How to Quickly Build Trust

You can't get far in your career if people don't trust you. Yet trust is such an elusive concept. It's not tangible. It's not concrete. It's not something you can point to and say, "That's what it looks like." In this column, Naomi Karten ruminates about the concept of trust and offers some ideas about what you can and cannot control in earning the trust of others.

In the final forty-five seconds of a presentation I gave at an IT conference, a woman in the audience asked, "How do you build trust quickly?"

What a thought-provoking question! After all, if people trust you, you can inspire them to consider your ideas and follow your lead. Conversely, if they don't trust you, they may discount, dismiss, or ignore anything you say or do. Without trust, accomplishing almost anything is more difficult.

Unfortunately, earning trust isn't a calendar-based activity or a three-step process. You can estimate a completion date with projects, but not so with trust. Nevertheless, if you're joining a department, starting a new job, taking over a team (or a company), or undertaking any of numerous other efforts, it's reasonable to want to gain people's trust as quickly as possible.

The common wisdom is that trust is something you have to earn; it's not automatically conferred just because you would like to be trusted. However, this wisdom is an oversimplification. Several factors influence how quickly you're able to gain trust; and while some of these factors are within your control, others aren't.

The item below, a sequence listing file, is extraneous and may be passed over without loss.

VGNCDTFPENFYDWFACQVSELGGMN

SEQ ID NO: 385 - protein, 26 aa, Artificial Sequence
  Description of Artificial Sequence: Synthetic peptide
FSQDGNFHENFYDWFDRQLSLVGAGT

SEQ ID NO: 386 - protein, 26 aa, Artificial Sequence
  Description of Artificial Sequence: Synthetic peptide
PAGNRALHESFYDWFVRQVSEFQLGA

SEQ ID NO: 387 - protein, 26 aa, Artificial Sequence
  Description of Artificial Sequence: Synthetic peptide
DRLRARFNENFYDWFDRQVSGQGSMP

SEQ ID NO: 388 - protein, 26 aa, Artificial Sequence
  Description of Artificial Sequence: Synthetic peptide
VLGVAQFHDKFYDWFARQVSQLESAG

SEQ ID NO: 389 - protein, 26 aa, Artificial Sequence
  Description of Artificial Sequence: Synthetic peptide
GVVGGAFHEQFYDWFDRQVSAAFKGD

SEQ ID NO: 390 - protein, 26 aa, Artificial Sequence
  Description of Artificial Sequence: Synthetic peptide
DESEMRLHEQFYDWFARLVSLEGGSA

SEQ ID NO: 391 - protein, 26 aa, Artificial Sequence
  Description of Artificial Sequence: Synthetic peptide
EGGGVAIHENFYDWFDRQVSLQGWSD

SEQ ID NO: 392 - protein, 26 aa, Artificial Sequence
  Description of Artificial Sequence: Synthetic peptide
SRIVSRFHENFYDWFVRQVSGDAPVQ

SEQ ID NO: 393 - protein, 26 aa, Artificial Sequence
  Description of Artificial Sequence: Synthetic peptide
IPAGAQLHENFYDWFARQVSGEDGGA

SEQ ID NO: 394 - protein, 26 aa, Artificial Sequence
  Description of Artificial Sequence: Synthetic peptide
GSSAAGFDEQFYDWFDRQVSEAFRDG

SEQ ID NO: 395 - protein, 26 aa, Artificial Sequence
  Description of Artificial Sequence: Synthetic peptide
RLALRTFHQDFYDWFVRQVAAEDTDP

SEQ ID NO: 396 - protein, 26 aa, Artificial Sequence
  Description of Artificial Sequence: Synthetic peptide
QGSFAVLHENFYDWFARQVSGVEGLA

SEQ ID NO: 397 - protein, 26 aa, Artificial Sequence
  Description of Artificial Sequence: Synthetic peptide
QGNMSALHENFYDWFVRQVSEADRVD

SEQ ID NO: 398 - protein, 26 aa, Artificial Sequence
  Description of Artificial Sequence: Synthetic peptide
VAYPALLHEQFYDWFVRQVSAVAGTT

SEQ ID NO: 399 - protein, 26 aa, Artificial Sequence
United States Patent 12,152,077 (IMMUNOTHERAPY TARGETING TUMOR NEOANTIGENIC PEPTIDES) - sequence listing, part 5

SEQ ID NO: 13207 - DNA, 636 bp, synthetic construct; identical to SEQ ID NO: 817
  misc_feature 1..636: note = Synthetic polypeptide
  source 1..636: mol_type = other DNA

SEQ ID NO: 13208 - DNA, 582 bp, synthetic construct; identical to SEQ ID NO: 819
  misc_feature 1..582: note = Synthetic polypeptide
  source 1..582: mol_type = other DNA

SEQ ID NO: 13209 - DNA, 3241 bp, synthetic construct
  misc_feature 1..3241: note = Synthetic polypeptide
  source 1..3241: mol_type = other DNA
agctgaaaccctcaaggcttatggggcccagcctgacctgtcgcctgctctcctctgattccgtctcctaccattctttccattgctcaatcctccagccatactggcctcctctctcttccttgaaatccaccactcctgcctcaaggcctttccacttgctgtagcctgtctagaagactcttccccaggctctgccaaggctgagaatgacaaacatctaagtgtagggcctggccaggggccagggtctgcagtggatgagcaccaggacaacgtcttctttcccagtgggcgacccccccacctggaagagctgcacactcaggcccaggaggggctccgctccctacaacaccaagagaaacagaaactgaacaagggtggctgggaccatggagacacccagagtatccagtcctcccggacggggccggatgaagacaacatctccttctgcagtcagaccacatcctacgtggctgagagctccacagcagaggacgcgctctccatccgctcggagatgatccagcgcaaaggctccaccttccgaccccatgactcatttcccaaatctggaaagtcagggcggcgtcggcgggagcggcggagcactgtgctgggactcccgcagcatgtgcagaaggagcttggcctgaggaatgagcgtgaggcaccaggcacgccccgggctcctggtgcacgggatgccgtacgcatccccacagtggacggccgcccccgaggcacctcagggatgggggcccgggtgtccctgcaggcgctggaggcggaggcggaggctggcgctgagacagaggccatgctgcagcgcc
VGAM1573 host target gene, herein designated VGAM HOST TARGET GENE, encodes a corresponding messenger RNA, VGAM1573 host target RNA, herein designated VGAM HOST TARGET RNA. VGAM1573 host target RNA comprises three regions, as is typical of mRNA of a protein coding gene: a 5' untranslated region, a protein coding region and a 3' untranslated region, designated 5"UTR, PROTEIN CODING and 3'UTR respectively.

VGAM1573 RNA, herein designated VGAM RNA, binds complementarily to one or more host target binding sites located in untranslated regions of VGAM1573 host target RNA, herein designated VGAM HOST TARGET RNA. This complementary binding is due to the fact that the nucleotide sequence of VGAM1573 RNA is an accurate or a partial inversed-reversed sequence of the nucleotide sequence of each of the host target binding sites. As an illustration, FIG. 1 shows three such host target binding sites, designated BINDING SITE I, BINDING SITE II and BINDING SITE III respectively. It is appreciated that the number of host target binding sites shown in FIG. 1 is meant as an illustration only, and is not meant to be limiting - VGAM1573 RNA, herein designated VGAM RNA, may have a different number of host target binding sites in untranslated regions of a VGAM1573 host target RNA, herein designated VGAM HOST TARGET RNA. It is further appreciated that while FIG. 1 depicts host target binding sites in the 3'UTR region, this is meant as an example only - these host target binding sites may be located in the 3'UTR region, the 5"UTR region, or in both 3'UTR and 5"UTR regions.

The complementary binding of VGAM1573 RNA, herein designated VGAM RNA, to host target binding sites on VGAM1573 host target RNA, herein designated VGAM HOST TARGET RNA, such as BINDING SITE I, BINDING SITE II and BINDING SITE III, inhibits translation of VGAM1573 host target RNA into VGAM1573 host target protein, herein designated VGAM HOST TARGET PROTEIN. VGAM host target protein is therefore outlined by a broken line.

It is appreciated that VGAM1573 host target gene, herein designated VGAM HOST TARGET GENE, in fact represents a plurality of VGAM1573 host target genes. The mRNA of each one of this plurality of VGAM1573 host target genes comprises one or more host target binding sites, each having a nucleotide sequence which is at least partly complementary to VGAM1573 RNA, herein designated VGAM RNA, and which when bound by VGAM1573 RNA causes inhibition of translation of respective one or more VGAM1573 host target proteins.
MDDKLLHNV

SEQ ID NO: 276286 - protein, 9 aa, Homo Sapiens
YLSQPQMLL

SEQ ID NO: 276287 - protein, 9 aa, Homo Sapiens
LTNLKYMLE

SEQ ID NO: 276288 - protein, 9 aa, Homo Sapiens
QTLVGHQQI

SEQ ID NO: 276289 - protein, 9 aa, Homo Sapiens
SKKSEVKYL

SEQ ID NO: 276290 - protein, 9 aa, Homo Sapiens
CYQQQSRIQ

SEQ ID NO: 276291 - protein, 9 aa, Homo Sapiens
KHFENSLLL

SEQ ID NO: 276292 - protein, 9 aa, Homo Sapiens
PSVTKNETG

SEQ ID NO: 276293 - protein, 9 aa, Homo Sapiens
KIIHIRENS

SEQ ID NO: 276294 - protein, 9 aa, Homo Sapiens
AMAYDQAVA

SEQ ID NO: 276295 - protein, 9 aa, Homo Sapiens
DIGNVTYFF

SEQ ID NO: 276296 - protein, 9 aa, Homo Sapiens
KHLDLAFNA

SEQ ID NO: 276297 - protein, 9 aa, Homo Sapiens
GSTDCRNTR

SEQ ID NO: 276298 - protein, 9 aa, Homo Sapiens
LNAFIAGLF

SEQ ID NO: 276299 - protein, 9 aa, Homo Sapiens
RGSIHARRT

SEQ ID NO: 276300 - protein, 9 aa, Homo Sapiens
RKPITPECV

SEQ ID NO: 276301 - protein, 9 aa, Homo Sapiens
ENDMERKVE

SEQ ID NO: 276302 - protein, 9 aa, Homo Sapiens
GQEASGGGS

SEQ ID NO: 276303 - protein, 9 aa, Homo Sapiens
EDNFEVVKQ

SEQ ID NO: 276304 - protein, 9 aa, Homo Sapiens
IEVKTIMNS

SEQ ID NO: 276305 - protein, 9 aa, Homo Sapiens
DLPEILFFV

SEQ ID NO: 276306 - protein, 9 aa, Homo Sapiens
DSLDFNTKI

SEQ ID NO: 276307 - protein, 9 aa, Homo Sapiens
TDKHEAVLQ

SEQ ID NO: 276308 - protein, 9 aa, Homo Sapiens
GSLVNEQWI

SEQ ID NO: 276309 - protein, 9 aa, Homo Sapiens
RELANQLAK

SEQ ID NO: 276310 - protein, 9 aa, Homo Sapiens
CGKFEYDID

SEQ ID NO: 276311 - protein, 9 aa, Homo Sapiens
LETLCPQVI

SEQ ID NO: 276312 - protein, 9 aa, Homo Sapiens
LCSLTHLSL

One factor that's outside of your control is the trust level in the other party. People develop trust at different rates in different circumstances, and some people are simply more trusting than others.

Some people enter new relationships with a tendency to distrust until circumstances and the passage of time convince them otherwise. If you attempt to gain their trust too quickly, they may just see you as scheming or insincere. Other people enter relationships with trust as a given, and they maintain that trust until circumstances demonstrate that they shouldn't. And even then, they may remain trusting.

Furthermore, for each of us, trust has boundaries, but your boundaries and mine undoubtedly differ. Also where we locate those boundaries varies with the situation. You might trust me to keep you from venturing too close to the edge of a cliff, but not trust me to find the bugs in the code. I might trust you to meet the deadline you agreed to, but not to drive my gorgeous blue Jaguar through rush-hour traffic (if I had a gorgeous blue Jaguar, which—trust me—I don't).

Another factor largely outside of your control is the context. If you're part of a group that has gained a reputation for being untrustworthy, you can suffer distrust by association. I once worked in an IT organization whose customers strenuously distrusted IT, an understandable reaction given IT's history of poor performance. Although some of us had excellent relationships with our customers, many customers didn't distinguish one IT department from another and roundly distrusted all of us. Meanwhile, the departments most guilty of shoddy service kept finding ways to exacerbate the distrust. I'll never forget the manager of a not-too-successful IT department who, with a sense of glee at his own perceived cleverness, gave a major new project a name whose initials were ASAP. The department didn't deliver ASAP. It didn't deliver at all-another trustbuster.

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